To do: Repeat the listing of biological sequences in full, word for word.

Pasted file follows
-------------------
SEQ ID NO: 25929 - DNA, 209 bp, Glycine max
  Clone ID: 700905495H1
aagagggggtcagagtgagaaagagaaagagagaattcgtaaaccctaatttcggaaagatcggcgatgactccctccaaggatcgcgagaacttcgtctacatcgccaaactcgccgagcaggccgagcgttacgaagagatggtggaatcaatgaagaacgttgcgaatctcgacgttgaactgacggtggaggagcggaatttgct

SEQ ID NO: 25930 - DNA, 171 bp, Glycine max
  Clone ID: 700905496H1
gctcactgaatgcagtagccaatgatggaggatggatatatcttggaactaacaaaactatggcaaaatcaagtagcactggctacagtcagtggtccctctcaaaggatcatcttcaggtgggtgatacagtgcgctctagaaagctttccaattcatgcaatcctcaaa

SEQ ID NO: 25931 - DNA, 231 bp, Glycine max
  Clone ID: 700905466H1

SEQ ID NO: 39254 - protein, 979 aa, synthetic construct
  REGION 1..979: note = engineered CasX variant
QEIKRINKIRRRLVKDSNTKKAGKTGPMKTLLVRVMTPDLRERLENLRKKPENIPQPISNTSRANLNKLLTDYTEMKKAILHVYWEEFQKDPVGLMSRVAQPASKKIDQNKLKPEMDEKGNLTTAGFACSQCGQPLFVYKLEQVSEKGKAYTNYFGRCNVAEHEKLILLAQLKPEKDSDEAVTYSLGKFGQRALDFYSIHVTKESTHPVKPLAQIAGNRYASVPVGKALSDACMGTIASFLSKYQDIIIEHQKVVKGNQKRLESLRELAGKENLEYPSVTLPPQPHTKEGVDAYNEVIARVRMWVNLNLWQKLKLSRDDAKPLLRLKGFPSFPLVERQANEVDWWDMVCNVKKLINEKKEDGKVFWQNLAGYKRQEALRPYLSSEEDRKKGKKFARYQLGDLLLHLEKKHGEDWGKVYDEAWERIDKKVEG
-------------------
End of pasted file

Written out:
SEQ ID NO: 25929 - DNA, 209 bp, Glycine max
  Clone ID: 700905495H1
aagagggggtcagagtgagaaagagaaagagagaattcgtaaaccctaatttcggaaagatcggcgatgactccctccaaggatcgcgagaacttcgtctacatcgccaaactcgccgagcaggccgagcgttacgaagagatggtggaatcaatgaagaacgttgcgaatctcgacgttgaactgacggtggaggagcggaatttgct

SEQ ID NO: 25930 - DNA, 171 bp, Glycine max
  Clone ID: 700905496H1
gctcactgaatgcagtagccaatgatggaggatggatatatcttggaactaacaaaactatggcaaaatcaagtagcactggctacagtcagtggtccctctcaaaggatcatcttcaggtgggtgatacagtgcgctctagaaagctttccaattcatgcaatcctcaaa

SEQ ID NO: 25931 - DNA, 231 bp, Glycine max
  Clone ID: 700905466H1

SEQ ID NO: 39254 - protein, 979 aa, synthetic construct
  REGION 1..979: note = engineered CasX variant
QEIKRINKIRRRLVKDSNTKKAGKTGPMKTLLVRVMTPDLRERLENLRKKPENIPQPISNTSRANLNKLLTDYTEMKKAILHVYWEEFQKDPVGLMSRVAQPASKKIDQNKLKPEMDEKGNLTTAGFACSQCGQPLFVYKLEQVSEKGKAYTNYFGRCNVAEHEKLILLAQLKPEKDSDEAVTYSLGKFGQRALDFYSIHVTKESTHPVKPLAQIAGNRYASVPVGKALSDACMGTIASFLSKYQDIIIEHQKVVKGNQKRLESLRELAGKENLEYPSVTLPPQPHTKEGVDAYNEVIARVRMWVNLNLWQKLKLSRDDAKPLLRLKGFPSFPLVERQANEVDWWDMVCNVKKLINEKKEDGKVFWQNLAGYKRQEALRPYLSSEEDRKKGKKFARYQLGDLLLHLEKKHGEDWGKVYDEAWERIDKKVEG